September 2, 2016
Gym memberships. Whiskey tastings. Unlimited vacation. And, of course, the ubiquitous ping-pong table no one ever uses. The biggest tech businesses love adding perks in an attempt to attract the best of the best.
But do the highest achieving graduates really go for the business with the best perks? What actually attracts them? In their recent survey, Universum found out.
The group looked at the responses from 88,000 people in 10 countries: Canada, China, Germany, Hong Kong, Norway, Singapore, Sweden, Switzerland, the United Kingdom and the United States. Of these respondents, over 18,000 were studying at the top 200 universities listed in the Times Higher Education World University Rankings, 2015–2016, making them a great reflection of the highest achievers and their interests. Here's the data.
Everyone Wants Money
In a response likely to surprise no one, both high achievers and the other students polled put “high future earnings” as their top priority in their employers' attributes. This highlights just how broke millennials are, and how well aware they are of that fact.
High Achievers Want Good Leaders/Mentors
The biggest upset between what high achievers and the regular achievers want out of an employer: Leaders. High achievers put “Leaders who will support my development” as their number two priority, while the other students made it their fifth most important attribute, even putting it after their own leadership opportunities, which they ranked fourth.
High achievers, it seems, are those that value the wisdom they can gain from industry leaders above their own power.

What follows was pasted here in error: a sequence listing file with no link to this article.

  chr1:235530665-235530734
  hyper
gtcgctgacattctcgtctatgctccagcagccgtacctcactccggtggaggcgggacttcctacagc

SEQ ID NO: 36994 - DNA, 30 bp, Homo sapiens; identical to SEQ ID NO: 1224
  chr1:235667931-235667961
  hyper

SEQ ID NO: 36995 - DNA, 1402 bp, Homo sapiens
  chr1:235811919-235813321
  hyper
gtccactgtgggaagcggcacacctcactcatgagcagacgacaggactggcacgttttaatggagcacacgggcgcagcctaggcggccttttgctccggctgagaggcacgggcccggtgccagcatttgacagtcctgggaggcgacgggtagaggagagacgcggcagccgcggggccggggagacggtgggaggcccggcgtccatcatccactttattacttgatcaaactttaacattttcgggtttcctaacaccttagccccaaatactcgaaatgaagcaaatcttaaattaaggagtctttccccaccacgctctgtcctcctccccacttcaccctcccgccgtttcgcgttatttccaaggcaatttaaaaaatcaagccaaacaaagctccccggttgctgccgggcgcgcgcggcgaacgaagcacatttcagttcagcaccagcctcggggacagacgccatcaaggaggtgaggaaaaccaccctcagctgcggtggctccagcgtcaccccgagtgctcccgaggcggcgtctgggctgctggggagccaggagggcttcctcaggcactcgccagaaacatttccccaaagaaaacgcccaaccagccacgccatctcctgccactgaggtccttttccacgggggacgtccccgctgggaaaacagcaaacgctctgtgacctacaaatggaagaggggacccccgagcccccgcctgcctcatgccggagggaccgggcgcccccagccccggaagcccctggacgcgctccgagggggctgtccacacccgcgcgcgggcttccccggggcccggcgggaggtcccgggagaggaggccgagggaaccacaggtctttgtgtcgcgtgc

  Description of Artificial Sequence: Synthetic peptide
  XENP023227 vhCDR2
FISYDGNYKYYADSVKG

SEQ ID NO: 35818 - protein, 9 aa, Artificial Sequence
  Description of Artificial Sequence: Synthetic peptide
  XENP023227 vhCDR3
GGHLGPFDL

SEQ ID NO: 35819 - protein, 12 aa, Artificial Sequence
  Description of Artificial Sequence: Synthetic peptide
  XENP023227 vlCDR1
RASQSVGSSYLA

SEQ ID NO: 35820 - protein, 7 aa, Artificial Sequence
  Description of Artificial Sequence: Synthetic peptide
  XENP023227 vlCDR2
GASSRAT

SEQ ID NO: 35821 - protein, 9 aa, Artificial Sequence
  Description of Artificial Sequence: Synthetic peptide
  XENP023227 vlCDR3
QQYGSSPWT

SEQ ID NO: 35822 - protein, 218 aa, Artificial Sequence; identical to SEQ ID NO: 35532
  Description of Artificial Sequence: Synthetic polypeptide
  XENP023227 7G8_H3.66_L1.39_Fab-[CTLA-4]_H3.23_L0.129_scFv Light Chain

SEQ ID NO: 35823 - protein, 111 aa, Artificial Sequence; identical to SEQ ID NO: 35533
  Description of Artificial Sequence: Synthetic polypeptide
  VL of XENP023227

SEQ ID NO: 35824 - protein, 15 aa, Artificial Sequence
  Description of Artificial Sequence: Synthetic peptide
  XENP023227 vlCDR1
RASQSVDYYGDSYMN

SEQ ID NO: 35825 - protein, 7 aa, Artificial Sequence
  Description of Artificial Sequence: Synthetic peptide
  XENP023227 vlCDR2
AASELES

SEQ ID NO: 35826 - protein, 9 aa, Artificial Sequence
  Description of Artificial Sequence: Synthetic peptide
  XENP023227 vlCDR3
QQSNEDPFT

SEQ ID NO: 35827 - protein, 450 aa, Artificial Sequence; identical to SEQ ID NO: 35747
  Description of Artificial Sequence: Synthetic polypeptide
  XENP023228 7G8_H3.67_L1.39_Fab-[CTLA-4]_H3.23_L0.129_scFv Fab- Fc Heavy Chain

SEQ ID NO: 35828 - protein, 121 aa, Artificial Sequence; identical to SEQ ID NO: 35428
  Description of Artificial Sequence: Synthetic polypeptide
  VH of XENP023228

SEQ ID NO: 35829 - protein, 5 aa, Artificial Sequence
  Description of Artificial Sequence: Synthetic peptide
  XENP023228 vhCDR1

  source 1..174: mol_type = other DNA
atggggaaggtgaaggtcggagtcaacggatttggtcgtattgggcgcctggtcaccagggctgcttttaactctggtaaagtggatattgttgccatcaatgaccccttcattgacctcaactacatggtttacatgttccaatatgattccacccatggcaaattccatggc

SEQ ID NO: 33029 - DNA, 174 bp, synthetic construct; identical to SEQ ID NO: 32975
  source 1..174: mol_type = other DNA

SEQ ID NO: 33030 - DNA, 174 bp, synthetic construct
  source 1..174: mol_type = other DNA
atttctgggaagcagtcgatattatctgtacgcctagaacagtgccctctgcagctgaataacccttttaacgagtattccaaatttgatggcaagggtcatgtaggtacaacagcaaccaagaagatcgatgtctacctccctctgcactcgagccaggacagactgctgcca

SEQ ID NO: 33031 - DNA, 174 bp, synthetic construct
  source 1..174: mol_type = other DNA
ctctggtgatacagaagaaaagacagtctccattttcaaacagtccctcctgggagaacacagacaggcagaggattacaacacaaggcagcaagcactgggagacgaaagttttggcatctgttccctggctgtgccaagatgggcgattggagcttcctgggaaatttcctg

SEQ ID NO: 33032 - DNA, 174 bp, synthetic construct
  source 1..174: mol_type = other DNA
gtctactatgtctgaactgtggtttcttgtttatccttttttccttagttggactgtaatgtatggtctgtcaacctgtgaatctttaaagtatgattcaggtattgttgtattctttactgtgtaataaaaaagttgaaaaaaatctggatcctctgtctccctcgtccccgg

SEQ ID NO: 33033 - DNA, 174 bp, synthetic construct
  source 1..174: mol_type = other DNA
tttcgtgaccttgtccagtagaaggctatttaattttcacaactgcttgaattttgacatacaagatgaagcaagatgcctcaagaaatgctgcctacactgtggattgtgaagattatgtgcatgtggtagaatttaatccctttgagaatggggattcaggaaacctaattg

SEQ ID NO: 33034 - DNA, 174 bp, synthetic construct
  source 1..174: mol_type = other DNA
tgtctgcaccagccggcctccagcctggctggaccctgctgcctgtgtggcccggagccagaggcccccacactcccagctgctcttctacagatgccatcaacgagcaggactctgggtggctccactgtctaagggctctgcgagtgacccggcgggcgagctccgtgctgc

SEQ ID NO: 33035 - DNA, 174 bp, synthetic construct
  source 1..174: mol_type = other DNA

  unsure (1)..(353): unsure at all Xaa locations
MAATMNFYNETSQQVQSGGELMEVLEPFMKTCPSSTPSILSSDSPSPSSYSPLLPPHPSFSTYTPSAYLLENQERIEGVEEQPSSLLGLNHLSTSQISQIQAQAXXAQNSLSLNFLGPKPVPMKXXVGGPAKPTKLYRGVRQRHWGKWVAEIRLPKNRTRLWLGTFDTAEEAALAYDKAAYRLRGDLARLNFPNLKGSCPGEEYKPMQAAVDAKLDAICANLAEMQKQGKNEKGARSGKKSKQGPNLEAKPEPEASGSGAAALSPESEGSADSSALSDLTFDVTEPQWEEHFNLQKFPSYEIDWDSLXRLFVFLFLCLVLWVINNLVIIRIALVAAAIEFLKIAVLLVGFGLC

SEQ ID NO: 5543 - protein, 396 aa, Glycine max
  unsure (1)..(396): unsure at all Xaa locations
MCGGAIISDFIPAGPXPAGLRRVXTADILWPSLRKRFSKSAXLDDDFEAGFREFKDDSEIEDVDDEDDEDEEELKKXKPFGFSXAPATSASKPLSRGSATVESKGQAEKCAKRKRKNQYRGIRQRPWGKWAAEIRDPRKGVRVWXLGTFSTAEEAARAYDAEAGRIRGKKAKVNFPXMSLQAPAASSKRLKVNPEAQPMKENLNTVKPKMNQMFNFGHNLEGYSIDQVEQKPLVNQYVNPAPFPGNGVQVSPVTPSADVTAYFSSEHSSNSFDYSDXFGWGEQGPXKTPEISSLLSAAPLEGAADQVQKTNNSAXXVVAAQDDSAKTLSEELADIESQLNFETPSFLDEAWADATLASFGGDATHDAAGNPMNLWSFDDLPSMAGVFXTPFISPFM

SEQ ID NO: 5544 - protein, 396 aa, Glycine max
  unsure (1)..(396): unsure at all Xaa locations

Not Attractive: A Lot of Stuff You'd Think Would Be
“Among the employer attributes that High Achievers rated lowest were corporate transparency, customer focus, gender diversity and overtime pay. While these are important issues in business, it seems they’re not effective selling points in the battle to attract top candidates.”
Employers Must Provide a Roadmap
Universum breaks down the proper employer response to this data, citing another study in the process:
“A 2016 Deloitte report on the career expectations of millennials revealed that in an ideal work week, young professionals wanted significantly more time devoted to the development of their leadership skills and to coaching and mentoring. This hunger for regular training and support is reflected in our research, which reveals it is a top-five employer attribute for High Achievers.
The organizations most successful in attracting these candidates will have robust training plans in place and clear roadmaps for supporting employee advancement.”
It's different for every company, of course, but that company's unique goals and values will need to be enforced and highlighted through these road maps. By showing that they value a new hire's interest in work/life balance and strong mentorship, a business can snag the most impressive high achievers out there.
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